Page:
All over British television this week, in ads strategically placed in the middle of news bulletins, the Disasters Emergency Committee fund has been raising money from viewers for Syrian refugees alongside the 'No Child Born To Die' campaign.

The TV ads show pictures of starving and destitute children, dragged over the border from war torn Syria into Jordan and viewers are entreated to help.

The willingness of ordinary members of the public has been outstanding, despite access to the country being difficult for charities the campaign has raised over 20 million pounds (US$32.2 million) for Syrian refugees. Of course they are absolutely right: nobody in their right mind could approve of the slaughter of innocent children but Britain cannot claim to be a 'democracy' until the generosity of the public is matched by leaders entrusted with the purse-strings.

For while the great British public dig deep to help the victims of the Syrian civil war the not-so-great British government have those same children's blood on their hands.

Syrian children ‘born to die’

Those desperate TV appeals to help millions of destitute and starving people will only truly help stop the suffering if William Hague, the Cabinet and the Foreign Office stop supporting terrorism. The British government has been backing Syrian rebels just like they did in Libya. Reports suggested that UK has been openly providing targeting intelligence, where and when key government officials can be killed, as well as logistics for NATO's so-called Free Syrian Army (FSA) rebels.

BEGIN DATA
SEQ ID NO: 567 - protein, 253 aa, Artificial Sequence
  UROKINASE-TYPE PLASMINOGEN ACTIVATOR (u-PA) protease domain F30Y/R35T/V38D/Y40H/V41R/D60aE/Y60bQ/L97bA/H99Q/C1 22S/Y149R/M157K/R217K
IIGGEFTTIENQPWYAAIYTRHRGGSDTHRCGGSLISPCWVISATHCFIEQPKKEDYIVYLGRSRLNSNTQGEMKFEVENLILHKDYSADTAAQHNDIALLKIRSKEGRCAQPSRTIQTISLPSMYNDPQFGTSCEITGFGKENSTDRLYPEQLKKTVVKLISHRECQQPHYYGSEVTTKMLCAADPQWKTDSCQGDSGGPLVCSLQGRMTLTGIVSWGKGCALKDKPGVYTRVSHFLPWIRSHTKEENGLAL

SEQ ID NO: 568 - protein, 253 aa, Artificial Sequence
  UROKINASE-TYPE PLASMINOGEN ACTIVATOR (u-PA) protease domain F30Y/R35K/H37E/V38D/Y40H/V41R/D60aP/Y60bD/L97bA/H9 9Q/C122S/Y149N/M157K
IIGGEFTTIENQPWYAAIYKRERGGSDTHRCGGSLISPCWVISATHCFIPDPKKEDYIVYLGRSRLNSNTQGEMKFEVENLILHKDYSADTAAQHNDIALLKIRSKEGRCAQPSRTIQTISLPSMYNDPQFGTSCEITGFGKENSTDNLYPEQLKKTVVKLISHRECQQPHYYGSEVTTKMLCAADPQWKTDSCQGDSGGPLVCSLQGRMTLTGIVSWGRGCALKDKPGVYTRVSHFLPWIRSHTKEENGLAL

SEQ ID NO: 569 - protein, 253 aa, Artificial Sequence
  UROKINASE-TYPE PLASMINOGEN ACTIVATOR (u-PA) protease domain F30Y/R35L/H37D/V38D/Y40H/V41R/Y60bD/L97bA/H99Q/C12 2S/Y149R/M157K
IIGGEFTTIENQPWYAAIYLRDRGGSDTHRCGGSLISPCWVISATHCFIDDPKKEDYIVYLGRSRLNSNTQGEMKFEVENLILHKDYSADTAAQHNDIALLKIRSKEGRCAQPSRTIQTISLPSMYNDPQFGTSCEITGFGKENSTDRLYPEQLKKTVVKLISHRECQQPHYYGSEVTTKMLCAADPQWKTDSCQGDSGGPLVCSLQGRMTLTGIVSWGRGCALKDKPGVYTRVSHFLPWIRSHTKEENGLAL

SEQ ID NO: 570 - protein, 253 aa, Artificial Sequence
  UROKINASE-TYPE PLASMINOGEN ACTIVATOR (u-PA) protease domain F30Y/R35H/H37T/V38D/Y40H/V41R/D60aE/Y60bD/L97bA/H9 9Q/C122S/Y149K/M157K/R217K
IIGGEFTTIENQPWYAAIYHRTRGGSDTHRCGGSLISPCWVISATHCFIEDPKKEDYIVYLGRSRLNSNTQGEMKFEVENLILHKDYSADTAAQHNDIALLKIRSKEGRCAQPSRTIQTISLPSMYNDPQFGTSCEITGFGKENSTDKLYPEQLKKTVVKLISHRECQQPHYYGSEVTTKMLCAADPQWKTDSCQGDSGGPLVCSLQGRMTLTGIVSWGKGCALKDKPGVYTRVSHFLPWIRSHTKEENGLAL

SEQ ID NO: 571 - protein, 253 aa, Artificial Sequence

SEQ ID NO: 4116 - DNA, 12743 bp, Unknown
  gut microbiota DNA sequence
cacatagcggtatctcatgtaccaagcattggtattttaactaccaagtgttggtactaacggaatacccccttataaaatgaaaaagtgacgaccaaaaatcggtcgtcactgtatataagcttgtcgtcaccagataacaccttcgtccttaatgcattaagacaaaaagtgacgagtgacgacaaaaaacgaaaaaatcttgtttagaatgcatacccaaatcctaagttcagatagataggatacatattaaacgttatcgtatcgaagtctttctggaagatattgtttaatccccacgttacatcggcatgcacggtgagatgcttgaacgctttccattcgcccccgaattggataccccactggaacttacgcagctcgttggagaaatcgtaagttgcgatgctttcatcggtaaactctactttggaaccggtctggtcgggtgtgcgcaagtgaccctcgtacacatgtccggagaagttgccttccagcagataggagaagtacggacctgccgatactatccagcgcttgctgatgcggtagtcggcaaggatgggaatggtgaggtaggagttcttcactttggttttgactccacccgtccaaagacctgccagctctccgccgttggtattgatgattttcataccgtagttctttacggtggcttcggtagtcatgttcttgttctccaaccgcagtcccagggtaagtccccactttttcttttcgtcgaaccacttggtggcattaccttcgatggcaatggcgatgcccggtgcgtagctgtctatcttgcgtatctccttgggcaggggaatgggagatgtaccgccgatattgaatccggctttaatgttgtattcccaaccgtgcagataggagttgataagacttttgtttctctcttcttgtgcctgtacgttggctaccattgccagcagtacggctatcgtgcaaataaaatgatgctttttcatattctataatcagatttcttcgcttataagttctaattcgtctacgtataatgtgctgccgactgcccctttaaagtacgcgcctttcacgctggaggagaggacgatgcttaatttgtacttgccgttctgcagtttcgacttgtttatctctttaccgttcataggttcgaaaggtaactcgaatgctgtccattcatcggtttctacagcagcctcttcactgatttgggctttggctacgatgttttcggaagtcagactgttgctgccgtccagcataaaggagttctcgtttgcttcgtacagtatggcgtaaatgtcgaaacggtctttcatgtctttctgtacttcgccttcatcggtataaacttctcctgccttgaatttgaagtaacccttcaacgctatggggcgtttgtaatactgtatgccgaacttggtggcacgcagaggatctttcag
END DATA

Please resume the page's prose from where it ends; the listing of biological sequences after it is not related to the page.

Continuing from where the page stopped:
Less openly, UK Special Forces have been training the FSA as well as conducting covert operations within Syria itself. Barely noticed, the recent trial for possession of a firearm and ammunition of former SAS soldier Danny Nightingale confirmed various anonymous reports and listed one of his last postings in Syria.

So if there were anyone left believing that British taxpayers' money has not been instrumental in the deaths of thousands of Syrian children then they should listen to former French President Nicolas Sarkozy's foreign minister, Roland Dumas. In June on French Parliamentary TV network LCP, he explained British officials had approached him long before the Syrian uprising asking for French help to get it started. To quote Dumas:

“I was in England two years before the violence in Syria on other business. I met with top British officials, who confessed to me that they were preparing something in Syria. This was in Britain, not in America. Britain was organizing an invasion of rebels into Syria. They even asked me, although I was no longer minister for foreign affairs, if I would like to participate.”